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Jun 2011

Top Five Supplements For Your Dog


As concerned pet parents, we always want to make sure that we are doing everything in our power to keep our dogs healthy and happy so that they can live a long life. Feeding home cooked dog food is the first step, but as we all know even a healthy diet of whole foods can use a little help now and then. That is where supplements can be a great benefit.

Just as I am very picky about the home cooked diet my dogs eat, I am also very particular about the supplements they receive. Often I will choose human over canine products as they are more regulated, but even human ones can vary greatly in quality. Here are a few rules I follow:

1. If it is a human supplement, I will choose one with a well known name that has been around for a long time and has a positive reputation.

2. If it is a human supplement, I will take it myself to see if I received any benefit from it.

3. If it is a canine supplement, I always look for the National Animal Supplement Council (NASC) seal. This means that the product has undergone independent testing for valid ingredients. I will not buy a product without this seal unless I know the company very well.

4. ALWAYS look for supplements based on whole foods, not chemicals. They are better utilized by the body which will take only that which it needs. Chemical based supplements are often looked upon by the body as foreign and will be eliminated without being utilized.

5. Less is more. Over supplementing can be as dangerous as not supplementing at all. Choose what you feel your dog needs the most on a regular basis. You can add something different for a short period of time to give your dog a “boost” but his bowl shouldn’t be filled with supplements!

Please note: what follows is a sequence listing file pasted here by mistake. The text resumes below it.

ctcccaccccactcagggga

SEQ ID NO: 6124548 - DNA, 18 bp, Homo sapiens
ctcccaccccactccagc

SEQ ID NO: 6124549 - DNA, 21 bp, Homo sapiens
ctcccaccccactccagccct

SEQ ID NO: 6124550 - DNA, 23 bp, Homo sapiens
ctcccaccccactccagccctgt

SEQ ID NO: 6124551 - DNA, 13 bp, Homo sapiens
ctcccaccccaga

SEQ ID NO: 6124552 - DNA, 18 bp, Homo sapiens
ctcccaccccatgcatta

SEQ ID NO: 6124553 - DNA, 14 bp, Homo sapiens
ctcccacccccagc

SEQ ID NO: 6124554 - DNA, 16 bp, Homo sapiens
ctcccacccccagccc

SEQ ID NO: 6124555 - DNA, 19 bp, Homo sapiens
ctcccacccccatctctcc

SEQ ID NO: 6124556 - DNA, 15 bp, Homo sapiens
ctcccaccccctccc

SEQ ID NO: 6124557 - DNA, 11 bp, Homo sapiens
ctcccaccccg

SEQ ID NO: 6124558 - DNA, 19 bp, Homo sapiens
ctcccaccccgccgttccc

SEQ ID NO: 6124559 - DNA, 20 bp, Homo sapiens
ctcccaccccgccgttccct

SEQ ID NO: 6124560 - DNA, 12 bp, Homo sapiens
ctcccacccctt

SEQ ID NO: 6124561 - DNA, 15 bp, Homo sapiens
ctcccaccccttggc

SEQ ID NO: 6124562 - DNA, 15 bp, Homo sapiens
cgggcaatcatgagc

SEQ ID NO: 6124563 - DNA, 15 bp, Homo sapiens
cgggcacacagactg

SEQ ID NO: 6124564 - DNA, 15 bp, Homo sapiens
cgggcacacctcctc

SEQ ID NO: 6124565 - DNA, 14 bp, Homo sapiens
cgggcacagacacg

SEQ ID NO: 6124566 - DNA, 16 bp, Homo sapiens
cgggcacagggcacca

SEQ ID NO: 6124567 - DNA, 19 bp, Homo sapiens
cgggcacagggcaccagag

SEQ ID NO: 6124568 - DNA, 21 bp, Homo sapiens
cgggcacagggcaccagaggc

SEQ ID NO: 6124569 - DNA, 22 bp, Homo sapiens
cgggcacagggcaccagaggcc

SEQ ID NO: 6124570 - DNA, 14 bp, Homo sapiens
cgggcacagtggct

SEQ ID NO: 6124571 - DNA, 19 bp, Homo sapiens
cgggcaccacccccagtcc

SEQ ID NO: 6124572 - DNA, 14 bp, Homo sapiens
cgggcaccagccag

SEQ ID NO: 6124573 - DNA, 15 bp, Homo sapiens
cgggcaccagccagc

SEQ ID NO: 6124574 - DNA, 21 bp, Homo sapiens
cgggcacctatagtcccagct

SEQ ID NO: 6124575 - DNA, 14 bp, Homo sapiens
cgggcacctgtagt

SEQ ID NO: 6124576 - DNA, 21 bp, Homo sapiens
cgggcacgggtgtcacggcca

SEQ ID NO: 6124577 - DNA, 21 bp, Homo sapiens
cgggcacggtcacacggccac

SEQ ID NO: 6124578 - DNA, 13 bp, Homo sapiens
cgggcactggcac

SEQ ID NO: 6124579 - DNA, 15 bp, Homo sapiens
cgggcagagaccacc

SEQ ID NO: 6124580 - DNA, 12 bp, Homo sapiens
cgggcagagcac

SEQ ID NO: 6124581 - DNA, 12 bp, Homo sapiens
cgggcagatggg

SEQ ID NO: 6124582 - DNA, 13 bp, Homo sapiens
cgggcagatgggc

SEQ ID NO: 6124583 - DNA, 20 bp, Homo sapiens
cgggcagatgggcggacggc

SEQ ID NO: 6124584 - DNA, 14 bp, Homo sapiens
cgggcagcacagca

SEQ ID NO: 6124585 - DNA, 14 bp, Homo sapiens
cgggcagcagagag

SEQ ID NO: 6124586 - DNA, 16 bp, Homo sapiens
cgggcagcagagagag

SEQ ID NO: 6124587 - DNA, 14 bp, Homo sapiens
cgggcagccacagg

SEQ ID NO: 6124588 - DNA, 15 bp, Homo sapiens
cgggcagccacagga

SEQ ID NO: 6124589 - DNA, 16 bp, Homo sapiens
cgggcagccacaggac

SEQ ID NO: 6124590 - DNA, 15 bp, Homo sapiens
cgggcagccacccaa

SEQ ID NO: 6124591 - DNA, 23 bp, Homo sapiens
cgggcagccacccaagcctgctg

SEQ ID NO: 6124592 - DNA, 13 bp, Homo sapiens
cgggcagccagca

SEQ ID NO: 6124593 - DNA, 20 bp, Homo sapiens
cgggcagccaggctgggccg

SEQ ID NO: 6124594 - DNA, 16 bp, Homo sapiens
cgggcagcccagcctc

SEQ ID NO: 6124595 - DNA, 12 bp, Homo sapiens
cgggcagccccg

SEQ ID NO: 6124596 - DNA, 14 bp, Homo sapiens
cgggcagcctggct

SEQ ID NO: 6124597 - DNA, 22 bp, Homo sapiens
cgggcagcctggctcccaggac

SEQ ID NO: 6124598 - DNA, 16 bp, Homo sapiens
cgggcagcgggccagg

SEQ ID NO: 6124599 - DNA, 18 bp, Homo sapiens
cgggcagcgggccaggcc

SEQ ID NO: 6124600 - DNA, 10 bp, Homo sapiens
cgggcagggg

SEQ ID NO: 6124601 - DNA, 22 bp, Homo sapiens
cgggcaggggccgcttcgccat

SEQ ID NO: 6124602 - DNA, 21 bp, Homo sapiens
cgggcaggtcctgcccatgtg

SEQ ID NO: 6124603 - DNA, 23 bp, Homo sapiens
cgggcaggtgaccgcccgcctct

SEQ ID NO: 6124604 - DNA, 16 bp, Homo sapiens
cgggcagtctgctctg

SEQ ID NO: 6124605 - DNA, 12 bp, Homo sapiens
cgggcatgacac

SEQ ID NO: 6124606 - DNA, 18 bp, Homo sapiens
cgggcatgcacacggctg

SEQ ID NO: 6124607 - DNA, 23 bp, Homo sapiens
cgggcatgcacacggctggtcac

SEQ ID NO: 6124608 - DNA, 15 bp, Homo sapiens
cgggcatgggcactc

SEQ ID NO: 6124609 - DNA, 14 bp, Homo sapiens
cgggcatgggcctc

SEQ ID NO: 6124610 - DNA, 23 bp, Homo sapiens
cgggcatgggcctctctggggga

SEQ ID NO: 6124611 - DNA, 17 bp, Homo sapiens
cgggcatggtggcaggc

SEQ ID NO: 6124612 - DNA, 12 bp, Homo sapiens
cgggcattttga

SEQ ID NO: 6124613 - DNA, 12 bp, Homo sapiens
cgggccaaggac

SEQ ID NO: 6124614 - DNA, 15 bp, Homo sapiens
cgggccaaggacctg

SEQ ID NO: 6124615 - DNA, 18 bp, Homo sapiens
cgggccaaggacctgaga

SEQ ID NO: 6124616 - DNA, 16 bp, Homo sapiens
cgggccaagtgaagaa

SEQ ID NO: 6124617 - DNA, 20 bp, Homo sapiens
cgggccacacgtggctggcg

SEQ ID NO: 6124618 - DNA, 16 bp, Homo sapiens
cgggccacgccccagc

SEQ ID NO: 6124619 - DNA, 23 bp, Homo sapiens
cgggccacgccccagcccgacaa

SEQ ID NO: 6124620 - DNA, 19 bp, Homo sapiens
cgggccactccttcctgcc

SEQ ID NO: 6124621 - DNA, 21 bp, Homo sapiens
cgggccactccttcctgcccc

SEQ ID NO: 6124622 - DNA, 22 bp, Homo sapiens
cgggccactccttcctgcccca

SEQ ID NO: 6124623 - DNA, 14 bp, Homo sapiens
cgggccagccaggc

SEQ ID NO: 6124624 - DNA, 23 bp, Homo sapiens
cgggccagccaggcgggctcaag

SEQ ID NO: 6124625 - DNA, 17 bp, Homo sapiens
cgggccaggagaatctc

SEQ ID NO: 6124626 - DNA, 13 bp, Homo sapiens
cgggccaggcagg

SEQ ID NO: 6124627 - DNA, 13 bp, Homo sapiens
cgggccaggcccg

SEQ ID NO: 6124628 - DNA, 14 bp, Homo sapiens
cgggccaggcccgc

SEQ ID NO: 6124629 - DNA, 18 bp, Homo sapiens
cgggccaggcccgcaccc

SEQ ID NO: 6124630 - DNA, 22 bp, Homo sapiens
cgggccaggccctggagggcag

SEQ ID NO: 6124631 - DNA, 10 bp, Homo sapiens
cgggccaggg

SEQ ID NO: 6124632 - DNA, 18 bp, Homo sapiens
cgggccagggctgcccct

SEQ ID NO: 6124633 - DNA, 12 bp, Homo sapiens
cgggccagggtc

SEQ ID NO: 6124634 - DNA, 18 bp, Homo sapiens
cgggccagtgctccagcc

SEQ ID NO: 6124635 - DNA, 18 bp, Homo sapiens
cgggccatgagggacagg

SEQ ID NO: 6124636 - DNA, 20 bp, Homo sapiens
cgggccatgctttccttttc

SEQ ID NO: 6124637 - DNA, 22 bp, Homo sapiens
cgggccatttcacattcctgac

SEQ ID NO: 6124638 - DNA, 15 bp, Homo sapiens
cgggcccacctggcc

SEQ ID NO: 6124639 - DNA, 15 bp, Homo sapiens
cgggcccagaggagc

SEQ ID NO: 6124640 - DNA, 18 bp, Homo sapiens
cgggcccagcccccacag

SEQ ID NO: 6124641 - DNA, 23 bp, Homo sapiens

6. Finally, be careful with herbs. If you feed a supplement with herbs (joint supplements are most often the culprit), be sure to give your dog a break from them for a day or two every week.

Now that you know my rules, here are the top five supplements I feel every dog should have:

Please note: Omega Fatty Acids are not listed as a supplement because I feel they are so vital to your dog’s wellbeing that they are included on a daily basis as part of their home cooked dog food If you do not feed your dog omega fatty acids currently, please do so.

Whole food based multi-vitamin


These will help to help fill in any nutritional gaps there may be in your home cooked dog food that you are not aware of. There are several canine ones available that have the NASC seal.

Vitamin C


While dogs are one of the few animals that can produce their own vitamin C, I still recommend supplementing it since our dogs are exposed to the same environmental toxins that we are. If you use a wormer or flea product or vaccinate regularly, supplementing vitamin C is a must. I prefer to use a whole food based chewable vitamin for children. Be sure that the product does NOT contain artificial sweeteners as these can be dangerous.

Cranberry


Through poor breeding practices, bad diets and vaccination protocols, dogs seem to be exceptionally prone to kidney issues. Cranberry is the ultimate kidney cleanser. There are both human and canine products that are of excellent quality on the market.